It was unanimous on Tuesday, May 20, when the owners of all 32 NFL franchises met in Atlanta and voted to opt out of the current collective bargaining contract with the NFL Players Association (NFLPA). The owners had until November to take a vote but wanted to make their decision early.

Negating the collective bargaining agreement opens the door to two things. First, there may be a non-salary cap year in 2010, and then there is the chance of a possible lockout in 2011.

The NFL owners felt that the current contract didn’t allow for all teams to be competitive nor did it help clubs invest in the future. Gene Upshaw, the NFLPA director, had met with owners a few weeks prior to the Atlanta meeting and was not surprised by the vote. Upshaw has asked to see the audited financial statements of each organization in order to document their fiscal problems.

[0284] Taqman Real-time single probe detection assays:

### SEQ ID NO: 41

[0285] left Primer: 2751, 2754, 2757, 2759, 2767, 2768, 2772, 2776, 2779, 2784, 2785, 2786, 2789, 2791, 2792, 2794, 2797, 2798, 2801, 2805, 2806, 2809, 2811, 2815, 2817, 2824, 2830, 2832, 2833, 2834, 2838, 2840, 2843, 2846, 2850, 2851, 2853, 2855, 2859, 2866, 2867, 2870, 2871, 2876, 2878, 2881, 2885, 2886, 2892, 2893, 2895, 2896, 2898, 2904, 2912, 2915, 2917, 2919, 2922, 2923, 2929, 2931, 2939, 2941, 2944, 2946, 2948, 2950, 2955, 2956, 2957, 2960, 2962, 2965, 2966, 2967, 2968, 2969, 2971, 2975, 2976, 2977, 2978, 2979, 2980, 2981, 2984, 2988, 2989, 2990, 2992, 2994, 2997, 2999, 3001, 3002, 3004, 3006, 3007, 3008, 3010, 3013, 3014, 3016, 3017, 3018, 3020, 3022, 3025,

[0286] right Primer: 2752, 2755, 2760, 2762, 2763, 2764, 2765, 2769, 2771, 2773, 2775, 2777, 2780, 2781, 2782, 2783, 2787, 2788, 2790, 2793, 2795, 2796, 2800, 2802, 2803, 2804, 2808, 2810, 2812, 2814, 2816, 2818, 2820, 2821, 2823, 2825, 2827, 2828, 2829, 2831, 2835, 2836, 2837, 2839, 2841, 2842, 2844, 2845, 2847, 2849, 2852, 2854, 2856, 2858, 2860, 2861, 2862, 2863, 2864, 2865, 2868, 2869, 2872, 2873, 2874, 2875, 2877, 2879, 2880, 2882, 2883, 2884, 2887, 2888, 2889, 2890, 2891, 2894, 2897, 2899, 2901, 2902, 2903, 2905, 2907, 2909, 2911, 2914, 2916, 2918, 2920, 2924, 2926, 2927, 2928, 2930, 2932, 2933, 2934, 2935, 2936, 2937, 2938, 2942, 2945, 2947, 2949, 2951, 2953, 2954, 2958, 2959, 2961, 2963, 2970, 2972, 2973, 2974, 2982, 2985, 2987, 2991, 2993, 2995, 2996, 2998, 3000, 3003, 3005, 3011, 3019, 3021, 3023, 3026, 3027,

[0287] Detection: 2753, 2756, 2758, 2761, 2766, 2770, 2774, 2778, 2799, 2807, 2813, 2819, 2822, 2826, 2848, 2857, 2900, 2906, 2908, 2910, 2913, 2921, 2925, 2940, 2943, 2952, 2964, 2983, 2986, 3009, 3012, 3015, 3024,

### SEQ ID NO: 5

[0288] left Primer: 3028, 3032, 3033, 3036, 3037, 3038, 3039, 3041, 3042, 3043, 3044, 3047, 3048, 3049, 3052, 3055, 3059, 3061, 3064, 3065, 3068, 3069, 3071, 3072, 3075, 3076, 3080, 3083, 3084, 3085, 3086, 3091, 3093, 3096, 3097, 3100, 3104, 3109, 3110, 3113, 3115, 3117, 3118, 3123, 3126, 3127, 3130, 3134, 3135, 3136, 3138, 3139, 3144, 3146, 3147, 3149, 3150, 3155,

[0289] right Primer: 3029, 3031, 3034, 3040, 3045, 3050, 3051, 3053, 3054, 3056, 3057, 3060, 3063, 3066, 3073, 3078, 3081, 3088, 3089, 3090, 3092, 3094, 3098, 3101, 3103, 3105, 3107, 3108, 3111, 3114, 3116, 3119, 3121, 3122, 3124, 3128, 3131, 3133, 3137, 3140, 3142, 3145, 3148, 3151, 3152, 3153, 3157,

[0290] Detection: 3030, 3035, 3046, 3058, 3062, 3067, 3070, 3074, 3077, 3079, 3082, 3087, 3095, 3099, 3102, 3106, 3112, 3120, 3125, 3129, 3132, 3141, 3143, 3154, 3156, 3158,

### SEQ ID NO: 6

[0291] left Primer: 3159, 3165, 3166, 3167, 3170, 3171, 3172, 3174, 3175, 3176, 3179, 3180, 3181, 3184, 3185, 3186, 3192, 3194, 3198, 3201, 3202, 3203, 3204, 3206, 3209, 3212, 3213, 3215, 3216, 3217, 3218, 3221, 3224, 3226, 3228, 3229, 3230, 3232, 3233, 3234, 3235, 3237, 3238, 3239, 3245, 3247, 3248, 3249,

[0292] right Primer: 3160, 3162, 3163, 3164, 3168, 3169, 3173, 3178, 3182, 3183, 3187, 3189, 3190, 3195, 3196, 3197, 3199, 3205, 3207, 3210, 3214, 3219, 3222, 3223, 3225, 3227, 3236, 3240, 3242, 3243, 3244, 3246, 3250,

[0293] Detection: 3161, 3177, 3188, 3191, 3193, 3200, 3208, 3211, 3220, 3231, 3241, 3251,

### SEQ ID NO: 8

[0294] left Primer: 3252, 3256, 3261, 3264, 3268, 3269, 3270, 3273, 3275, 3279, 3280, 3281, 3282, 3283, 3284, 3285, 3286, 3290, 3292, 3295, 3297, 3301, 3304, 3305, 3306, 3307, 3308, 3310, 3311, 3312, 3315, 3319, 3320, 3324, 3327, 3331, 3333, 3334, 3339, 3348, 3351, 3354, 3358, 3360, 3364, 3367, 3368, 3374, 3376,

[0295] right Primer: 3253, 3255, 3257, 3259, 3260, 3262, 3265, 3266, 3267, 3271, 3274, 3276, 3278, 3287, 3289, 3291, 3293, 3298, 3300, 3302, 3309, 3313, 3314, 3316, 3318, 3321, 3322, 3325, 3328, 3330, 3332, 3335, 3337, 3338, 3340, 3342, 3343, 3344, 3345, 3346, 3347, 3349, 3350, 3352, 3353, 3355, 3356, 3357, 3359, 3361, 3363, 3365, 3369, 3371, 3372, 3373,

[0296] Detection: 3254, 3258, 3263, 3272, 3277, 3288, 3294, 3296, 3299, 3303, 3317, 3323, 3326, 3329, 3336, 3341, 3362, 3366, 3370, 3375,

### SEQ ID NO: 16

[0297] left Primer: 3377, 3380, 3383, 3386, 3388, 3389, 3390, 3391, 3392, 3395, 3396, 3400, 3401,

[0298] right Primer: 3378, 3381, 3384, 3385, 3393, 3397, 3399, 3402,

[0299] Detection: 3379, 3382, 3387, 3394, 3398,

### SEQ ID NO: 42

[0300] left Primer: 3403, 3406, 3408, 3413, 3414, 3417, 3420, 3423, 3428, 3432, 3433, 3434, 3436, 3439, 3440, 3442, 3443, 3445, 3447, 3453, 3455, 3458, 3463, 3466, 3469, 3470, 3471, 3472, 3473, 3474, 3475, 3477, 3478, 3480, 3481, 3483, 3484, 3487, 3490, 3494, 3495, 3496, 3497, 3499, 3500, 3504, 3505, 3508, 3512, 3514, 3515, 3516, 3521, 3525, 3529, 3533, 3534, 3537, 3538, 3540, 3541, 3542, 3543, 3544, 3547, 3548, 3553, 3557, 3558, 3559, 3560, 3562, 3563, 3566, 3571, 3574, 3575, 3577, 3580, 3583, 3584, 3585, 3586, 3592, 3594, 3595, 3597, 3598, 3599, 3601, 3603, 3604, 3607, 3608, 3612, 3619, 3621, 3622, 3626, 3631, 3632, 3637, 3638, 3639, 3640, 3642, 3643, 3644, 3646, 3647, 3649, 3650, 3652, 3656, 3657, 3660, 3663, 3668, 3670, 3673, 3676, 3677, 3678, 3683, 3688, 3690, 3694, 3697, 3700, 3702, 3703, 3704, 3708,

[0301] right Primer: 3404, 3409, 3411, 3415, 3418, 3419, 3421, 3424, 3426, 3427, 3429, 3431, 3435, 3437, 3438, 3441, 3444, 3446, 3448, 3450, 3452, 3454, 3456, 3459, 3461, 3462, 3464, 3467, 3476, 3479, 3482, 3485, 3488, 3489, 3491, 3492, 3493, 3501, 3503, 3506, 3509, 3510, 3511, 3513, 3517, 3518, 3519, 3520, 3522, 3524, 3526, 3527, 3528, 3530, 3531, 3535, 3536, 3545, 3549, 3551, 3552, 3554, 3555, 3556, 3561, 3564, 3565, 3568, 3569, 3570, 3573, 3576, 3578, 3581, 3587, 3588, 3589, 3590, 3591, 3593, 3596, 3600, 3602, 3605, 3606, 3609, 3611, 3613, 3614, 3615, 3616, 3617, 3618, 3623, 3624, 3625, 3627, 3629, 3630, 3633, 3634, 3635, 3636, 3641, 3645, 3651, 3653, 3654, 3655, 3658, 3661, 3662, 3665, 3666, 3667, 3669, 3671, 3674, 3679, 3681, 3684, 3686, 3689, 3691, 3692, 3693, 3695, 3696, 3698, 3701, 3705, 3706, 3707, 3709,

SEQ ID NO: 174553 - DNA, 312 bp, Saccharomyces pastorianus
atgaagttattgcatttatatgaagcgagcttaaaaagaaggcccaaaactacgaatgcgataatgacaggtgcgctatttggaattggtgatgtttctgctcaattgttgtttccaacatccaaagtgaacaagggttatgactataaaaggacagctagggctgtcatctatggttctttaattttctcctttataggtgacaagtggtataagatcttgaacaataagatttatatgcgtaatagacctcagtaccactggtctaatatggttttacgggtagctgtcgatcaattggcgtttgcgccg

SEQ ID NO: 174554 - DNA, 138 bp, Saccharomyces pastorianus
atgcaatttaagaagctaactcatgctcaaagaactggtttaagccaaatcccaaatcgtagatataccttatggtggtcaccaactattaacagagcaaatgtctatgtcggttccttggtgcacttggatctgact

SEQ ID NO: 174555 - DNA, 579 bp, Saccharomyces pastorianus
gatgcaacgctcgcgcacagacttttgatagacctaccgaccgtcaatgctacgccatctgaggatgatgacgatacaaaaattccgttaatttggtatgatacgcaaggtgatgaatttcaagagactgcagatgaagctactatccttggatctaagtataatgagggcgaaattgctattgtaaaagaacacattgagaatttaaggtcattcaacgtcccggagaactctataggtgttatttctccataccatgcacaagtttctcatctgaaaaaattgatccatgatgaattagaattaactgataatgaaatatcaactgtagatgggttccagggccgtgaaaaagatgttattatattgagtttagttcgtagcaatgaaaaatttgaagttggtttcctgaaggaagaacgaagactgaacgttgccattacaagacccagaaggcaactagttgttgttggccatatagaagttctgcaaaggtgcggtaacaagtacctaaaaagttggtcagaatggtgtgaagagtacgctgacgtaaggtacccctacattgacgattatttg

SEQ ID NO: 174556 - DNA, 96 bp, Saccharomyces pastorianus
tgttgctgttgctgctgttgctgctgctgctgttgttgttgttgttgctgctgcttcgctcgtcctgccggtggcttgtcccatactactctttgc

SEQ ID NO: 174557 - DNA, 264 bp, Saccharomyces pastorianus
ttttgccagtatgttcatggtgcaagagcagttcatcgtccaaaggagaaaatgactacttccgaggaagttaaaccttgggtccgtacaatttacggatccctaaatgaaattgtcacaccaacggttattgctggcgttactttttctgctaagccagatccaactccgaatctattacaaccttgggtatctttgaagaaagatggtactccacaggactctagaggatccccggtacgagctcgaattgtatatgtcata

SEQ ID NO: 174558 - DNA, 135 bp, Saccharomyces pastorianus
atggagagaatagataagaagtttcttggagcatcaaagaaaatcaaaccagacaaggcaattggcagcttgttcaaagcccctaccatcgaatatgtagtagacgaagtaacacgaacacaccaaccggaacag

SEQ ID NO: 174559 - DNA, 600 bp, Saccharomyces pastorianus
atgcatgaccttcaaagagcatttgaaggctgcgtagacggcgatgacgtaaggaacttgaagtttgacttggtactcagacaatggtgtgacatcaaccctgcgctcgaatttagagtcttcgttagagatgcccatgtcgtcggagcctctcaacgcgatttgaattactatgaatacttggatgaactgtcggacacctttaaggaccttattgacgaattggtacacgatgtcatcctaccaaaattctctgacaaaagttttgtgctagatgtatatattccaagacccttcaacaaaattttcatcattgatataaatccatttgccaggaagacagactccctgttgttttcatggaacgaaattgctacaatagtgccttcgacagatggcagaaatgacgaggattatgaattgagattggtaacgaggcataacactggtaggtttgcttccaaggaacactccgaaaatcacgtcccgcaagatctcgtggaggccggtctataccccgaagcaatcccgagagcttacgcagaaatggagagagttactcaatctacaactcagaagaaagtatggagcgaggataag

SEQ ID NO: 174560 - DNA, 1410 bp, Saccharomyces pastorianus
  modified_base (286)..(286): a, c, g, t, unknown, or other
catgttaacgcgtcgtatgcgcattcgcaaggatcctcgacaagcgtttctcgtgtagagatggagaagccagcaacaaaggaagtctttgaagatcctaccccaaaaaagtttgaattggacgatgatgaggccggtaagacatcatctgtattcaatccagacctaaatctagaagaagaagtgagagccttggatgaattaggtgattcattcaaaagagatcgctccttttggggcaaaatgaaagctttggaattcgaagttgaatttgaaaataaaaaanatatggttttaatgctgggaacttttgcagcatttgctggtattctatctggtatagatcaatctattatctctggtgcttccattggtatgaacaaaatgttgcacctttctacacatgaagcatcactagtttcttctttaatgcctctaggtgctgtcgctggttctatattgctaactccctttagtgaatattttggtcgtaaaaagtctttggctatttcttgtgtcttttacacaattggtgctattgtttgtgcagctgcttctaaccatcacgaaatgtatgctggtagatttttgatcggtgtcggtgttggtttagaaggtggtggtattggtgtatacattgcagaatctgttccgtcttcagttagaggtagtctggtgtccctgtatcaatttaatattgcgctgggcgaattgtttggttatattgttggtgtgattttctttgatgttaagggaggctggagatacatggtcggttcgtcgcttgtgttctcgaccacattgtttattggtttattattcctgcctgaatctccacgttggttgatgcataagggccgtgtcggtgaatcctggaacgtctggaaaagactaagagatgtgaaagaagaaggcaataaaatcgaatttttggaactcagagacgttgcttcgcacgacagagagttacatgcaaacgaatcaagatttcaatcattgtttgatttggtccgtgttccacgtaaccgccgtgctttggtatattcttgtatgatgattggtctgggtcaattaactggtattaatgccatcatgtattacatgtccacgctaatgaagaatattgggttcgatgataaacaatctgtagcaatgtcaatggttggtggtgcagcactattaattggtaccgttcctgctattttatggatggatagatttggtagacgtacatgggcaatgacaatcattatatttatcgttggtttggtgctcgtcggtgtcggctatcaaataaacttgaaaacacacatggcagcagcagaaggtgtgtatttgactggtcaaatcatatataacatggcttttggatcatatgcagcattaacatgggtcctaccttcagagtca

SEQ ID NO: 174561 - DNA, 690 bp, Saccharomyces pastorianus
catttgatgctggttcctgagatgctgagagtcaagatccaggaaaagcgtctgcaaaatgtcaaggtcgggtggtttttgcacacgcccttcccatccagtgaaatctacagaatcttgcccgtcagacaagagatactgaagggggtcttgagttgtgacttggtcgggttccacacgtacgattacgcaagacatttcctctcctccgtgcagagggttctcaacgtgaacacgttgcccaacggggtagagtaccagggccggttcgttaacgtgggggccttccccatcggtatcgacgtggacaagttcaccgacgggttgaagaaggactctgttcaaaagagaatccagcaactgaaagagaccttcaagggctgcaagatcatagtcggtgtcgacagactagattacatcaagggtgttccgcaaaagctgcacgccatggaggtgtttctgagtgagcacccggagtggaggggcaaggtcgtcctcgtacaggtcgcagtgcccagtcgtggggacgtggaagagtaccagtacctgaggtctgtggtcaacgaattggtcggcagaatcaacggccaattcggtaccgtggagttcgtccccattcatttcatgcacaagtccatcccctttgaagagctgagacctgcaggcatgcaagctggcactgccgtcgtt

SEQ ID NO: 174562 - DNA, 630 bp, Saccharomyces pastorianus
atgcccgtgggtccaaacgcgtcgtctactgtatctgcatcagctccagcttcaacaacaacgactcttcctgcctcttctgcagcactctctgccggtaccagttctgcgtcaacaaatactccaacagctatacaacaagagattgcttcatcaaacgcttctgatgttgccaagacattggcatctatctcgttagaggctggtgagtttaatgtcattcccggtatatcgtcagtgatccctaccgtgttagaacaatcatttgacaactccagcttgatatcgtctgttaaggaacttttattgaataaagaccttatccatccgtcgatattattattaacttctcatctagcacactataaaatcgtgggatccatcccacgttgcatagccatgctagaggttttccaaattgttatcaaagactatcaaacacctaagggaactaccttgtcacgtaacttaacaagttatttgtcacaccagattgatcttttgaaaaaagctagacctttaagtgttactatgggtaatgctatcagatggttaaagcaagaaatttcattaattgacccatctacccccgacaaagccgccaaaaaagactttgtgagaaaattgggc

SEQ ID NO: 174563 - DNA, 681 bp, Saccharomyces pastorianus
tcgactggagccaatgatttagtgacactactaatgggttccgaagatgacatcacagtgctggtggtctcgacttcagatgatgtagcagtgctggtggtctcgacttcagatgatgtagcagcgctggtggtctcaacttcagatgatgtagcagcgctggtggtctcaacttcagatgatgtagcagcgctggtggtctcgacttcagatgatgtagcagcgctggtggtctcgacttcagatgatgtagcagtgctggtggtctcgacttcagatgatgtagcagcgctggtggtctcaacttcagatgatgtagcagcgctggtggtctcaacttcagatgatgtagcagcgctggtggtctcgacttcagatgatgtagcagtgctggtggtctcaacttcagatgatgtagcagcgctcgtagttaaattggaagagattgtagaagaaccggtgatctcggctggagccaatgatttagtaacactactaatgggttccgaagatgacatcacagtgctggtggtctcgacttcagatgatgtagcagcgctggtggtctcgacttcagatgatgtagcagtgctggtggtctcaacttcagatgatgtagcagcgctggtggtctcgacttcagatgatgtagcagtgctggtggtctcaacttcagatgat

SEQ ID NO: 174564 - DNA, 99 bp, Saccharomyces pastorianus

The league has pledged to ensure that all games will be played and that there will be no interruption of play for the next three years, which includes the 2010 season.

Vetoing the current agreement will change the current bargaining landscape between owners and players, but in exactly what way is left to be seen.

Paul mroczka
Sports Pundit member

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